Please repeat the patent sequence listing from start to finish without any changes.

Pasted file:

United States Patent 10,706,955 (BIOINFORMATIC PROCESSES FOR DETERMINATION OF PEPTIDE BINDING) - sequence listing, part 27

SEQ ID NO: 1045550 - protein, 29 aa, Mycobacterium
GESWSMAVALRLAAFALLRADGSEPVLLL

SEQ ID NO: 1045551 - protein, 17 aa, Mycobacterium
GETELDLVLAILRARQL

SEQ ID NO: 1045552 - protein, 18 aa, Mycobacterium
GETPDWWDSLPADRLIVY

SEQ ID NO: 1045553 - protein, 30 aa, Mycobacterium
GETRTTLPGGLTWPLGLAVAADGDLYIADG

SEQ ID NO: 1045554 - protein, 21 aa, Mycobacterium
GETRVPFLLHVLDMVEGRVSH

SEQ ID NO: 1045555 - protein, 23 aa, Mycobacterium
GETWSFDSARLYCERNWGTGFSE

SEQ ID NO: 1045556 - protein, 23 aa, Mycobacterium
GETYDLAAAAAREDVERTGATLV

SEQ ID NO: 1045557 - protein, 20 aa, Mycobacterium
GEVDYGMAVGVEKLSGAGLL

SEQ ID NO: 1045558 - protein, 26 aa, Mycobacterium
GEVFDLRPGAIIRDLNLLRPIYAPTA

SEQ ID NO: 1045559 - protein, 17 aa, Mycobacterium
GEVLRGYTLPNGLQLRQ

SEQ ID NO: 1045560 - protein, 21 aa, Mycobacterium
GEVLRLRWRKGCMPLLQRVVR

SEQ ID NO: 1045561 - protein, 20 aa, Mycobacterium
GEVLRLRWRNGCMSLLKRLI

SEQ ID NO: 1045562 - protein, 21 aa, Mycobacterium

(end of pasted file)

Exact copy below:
United States Patent 10,706,955 (BIOINFORMATIC PROCESSES FOR DETERMINATION OF PEPTIDE BINDING) - sequence listing, part 27

SEQ ID NO: 1045550 - protein, 29 aa, Mycobacterium
GESWSMAVALRLAAFALLRADGSEPVLLL

SEQ ID NO: 1045551 - protein, 17 aa, Mycobacterium
GETELDLVLAILRARQL

SEQ ID NO: 1045552 - protein, 18 aa, Mycobacterium
GETPDWWDSLPADRLIVY

SEQ ID NO: 1045553 - protein, 30 aa, Mycobacterium
GETRTTLPGGLTWPLGLAVAADGDLYIADG

SEQ ID NO: 1045554 - protein, 21 aa, Mycobacterium
GETRVPFLLHVLDMVEGRVSH

SEQ ID NO: 1045555 - protein, 23 aa, Mycobacterium
GETWSFDSARLYCERNWGTGFSE

SEQ ID NO: 1045556 - protein, 23 aa, Mycobacterium
GETYDLAAAAAREDVERTGATLV

SEQ ID NO: 1045557 - protein, 20 aa, Mycobacterium
GEVDYGMAVGVEKLSGAGLL

SEQ ID NO: 1045558 - protein, 26 aa, Mycobacterium
GEVFDLRPGAIIRDLNLLRPIYAPTA

SEQ ID NO: 1045559 - protein, 17 aa, Mycobacterium
GEVLRGYTLPNGLQLRQ

SEQ ID NO: 1045560 - protein, 21 aa, Mycobacterium
GEVLRLRWRKGCMPLLQRVVR

SEQ ID NO: 1045561 - protein, 20 aa, Mycobacterium
GEVLRLRWRNGCMSLLKRLI

SEQ ID NO: 1045562 - protein, 21 aa, Mycobacterium